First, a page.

There is little doubt that we’re a nation of pet lovers.
According to the RSPCA, there are currently an estimated 28.7 million pets in Australia (with a human population of around 26.3 million, we’re outnumbered!).
We have one of the highest pet ownership rates in the world – around 69 per cent of households have a furry, feathered or finned housemate (48 per cent have a dog, 33 per cent a cat and around 10 per cent have fish or birds).
The desire to share a home with a pet extends to renters. However, historically, there has been a lack of pet-friendly rentals available.
The Animal Health Alliance estimates that just 10 per cent of rentals are advertised as being pet-friendly.
This lack of pet-friendly homes leads to heartbreaking decisions where tenants have to surrender their beloved pets to a shelter (the RSPCA puts it at one in five of all surrenders) or have them euthanised because they cannot find a rental that allows pets.
Other tenants who cannot bear to be without their pets, have told their landlord or property manager a big porky pie.
A survey from Finder found 10 per cent of renters have concealed a pet from their landlord.
Pet-friendly rentals become the norm
A lack of pet-friendly rentals has seen state chapters of the RSPCA and various animal welfare groups and shelters implore governments to make it easier to rent with pets.
It’s a message that has been heard and renting with pets has been put on the agenda as jurisdictions reform tenancy legislation.
Laws which make it easier for tenants to have pets have already come into effect in the Australian Capital Territory (November 2019), Victoria (March 2020), the Northern Territory (January 2021) and Queensland (October 2022).
In these jurisdictions, the landlord cannot unreasonably refuse a tenant’s request to have a pet.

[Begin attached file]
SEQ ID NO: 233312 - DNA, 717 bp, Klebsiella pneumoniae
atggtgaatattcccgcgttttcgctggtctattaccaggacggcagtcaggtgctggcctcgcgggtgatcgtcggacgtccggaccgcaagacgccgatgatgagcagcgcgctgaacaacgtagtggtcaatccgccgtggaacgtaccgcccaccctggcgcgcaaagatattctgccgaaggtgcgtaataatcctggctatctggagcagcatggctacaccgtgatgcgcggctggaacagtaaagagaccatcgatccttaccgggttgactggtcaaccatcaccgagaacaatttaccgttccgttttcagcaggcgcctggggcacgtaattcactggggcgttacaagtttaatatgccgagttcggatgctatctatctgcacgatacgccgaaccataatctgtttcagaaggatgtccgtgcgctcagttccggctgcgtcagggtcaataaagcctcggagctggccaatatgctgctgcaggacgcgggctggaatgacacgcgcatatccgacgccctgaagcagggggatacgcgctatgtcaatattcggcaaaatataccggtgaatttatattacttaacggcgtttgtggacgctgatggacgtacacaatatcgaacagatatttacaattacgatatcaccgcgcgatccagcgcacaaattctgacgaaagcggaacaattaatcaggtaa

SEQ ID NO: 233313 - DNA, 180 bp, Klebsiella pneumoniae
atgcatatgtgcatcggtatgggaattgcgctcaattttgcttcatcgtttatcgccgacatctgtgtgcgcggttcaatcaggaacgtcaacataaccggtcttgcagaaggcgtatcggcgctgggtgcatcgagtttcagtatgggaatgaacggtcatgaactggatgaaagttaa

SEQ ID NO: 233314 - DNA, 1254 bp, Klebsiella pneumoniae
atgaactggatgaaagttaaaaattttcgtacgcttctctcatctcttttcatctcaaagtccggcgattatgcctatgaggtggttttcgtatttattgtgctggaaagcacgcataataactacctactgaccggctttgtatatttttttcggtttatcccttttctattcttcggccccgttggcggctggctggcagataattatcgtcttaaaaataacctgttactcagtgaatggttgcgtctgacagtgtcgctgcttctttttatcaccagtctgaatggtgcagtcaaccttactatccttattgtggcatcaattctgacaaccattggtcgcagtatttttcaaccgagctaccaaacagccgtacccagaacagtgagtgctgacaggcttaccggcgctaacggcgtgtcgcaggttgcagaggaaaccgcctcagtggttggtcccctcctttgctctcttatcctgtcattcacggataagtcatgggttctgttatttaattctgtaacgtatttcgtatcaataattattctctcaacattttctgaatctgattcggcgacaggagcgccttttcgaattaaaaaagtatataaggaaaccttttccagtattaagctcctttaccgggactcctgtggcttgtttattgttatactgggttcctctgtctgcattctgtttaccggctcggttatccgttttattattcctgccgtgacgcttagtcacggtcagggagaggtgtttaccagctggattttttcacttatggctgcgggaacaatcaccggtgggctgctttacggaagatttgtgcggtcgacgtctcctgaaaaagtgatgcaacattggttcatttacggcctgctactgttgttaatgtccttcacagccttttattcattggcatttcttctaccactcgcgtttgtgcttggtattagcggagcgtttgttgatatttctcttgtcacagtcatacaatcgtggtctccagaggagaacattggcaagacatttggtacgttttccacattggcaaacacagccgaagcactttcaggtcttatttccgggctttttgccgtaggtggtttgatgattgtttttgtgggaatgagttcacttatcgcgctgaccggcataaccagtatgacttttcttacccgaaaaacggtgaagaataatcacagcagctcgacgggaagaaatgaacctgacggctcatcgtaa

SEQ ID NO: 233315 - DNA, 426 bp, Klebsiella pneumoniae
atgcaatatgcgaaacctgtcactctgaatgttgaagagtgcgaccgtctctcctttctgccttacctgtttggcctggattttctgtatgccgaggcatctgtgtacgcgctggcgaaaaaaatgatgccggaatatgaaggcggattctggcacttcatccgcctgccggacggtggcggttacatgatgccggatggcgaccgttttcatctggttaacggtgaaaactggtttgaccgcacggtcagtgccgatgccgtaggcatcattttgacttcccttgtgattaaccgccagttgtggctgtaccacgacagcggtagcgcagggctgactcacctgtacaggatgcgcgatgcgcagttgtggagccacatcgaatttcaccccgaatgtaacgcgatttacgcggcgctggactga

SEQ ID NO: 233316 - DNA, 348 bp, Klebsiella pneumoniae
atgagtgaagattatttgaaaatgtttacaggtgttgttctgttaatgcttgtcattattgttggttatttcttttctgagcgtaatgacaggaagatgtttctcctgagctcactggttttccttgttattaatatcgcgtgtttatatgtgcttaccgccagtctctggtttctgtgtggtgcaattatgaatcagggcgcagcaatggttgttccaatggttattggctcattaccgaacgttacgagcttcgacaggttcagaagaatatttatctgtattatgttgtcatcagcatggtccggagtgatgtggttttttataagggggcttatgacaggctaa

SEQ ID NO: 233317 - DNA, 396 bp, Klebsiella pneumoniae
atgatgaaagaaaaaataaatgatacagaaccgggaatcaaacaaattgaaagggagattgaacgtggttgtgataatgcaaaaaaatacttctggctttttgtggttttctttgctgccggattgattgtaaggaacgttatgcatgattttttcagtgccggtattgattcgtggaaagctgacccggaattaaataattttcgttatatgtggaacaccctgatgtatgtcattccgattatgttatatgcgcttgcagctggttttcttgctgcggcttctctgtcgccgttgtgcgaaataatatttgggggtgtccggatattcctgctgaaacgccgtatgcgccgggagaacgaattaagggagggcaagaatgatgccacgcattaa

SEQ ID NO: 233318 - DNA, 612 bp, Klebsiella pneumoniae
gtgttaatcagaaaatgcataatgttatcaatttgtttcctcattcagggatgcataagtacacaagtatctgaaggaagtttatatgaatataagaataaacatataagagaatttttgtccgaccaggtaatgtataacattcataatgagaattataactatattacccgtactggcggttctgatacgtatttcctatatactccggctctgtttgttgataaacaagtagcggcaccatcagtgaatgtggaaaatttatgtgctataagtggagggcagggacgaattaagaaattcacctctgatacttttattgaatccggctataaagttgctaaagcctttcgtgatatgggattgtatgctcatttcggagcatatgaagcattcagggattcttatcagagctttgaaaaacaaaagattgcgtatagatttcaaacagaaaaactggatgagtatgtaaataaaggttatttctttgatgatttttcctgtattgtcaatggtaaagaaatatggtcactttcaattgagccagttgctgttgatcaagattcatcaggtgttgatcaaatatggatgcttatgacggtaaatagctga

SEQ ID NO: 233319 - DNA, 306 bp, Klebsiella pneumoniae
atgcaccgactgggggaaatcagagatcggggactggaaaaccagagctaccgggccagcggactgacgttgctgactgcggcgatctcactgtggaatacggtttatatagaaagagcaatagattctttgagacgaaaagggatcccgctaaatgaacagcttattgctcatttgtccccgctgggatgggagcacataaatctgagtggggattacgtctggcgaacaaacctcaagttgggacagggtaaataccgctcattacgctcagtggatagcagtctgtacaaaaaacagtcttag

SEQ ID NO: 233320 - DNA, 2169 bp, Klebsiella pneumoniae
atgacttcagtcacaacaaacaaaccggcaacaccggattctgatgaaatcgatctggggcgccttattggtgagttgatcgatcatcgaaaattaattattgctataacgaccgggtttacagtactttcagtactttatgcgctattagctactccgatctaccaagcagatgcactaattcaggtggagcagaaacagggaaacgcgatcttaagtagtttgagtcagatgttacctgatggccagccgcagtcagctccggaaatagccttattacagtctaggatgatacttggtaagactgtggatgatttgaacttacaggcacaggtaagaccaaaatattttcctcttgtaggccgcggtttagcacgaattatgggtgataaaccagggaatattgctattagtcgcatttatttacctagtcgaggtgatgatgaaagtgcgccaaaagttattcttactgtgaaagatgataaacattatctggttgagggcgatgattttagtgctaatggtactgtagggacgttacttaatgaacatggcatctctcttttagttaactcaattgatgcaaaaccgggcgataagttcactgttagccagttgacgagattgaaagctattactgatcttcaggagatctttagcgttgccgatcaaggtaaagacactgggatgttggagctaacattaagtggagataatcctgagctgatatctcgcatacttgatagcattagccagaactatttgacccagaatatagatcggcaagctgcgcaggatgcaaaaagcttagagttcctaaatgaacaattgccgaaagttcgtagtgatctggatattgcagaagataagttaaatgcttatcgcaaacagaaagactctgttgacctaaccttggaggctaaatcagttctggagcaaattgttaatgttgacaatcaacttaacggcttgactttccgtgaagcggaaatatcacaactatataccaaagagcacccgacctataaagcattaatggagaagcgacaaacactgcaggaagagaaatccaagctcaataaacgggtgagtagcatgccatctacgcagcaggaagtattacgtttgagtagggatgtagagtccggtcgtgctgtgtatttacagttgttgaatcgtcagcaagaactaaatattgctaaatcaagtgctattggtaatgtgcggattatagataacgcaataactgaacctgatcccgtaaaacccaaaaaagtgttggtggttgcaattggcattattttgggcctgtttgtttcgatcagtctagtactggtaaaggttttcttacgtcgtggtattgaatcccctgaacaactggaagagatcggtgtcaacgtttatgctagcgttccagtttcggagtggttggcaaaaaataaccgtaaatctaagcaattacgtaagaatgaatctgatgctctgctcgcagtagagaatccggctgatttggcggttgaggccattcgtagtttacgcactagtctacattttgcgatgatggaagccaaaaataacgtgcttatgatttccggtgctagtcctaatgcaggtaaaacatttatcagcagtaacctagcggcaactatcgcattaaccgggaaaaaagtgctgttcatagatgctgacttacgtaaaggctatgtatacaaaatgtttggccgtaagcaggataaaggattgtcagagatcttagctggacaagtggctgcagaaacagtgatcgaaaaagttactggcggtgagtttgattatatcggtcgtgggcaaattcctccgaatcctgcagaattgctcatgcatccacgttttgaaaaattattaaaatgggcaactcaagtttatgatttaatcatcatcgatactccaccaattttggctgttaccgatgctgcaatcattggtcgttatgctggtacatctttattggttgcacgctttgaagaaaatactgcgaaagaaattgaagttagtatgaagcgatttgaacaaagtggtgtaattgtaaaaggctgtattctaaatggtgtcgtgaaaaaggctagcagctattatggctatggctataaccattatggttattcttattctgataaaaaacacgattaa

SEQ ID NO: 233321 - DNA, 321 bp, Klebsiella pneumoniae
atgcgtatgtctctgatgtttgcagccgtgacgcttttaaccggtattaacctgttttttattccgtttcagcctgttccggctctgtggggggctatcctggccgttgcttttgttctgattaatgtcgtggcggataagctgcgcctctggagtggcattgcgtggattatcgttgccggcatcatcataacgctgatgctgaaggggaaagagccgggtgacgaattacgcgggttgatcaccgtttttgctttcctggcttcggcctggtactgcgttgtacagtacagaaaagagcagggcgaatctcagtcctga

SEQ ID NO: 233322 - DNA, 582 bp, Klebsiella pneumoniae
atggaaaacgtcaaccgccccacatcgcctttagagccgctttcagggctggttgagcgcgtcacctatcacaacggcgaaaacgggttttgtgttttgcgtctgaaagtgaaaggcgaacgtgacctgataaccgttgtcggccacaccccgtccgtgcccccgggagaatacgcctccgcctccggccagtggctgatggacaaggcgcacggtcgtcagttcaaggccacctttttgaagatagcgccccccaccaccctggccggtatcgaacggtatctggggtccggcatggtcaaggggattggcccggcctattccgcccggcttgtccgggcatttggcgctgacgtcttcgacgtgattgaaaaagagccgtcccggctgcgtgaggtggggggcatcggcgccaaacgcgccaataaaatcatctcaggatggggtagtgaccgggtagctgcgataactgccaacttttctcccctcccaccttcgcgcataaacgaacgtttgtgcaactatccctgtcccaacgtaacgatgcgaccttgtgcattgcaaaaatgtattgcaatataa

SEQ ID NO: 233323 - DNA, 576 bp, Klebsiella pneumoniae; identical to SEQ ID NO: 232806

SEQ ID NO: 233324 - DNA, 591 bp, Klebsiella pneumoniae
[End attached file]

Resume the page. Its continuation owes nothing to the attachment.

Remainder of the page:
Western Australia, New South Wales, South Australia and Tasmania have all proposed changes to their tenancy laws to enable renters to keep a pet with landlord permission (though permission cannot be refused without an acceptable reason).
In some jurisdictions, the landlord can impose reasonable conditions on allowing the pet (but it should be noted that a pet bond can only be requested in WA).
Of course, assistance animals cannot be refused in any state or territory.
It’s good news for pet-loving tenants around the country but, for many landlords and property managers, it’s fraught.
There is a concern that allowing pets in a rental property will lead to problems like issues with neighbours (think noise complaints and straying cats) and damage to the property (think hard flooring ruined by nails and claws, urine on carpets, torn fly screens or clawed window coverings, or damage from chewing, scratching or digging).
Now, some pets may cause some damage, but it’s the pet owner’s responsibility to fix that damage.
If the tenant fails to make good on their obligation, the landlord may be able to use the bond to pay for repairs or cleaning.
But what if the bond money is insufficient or the damage is extensive? This is where landlord insurance comes in.
Okay, I have a proviso on that statement.
It’s where landlord insurance comes in if the provider offers pet damage cover.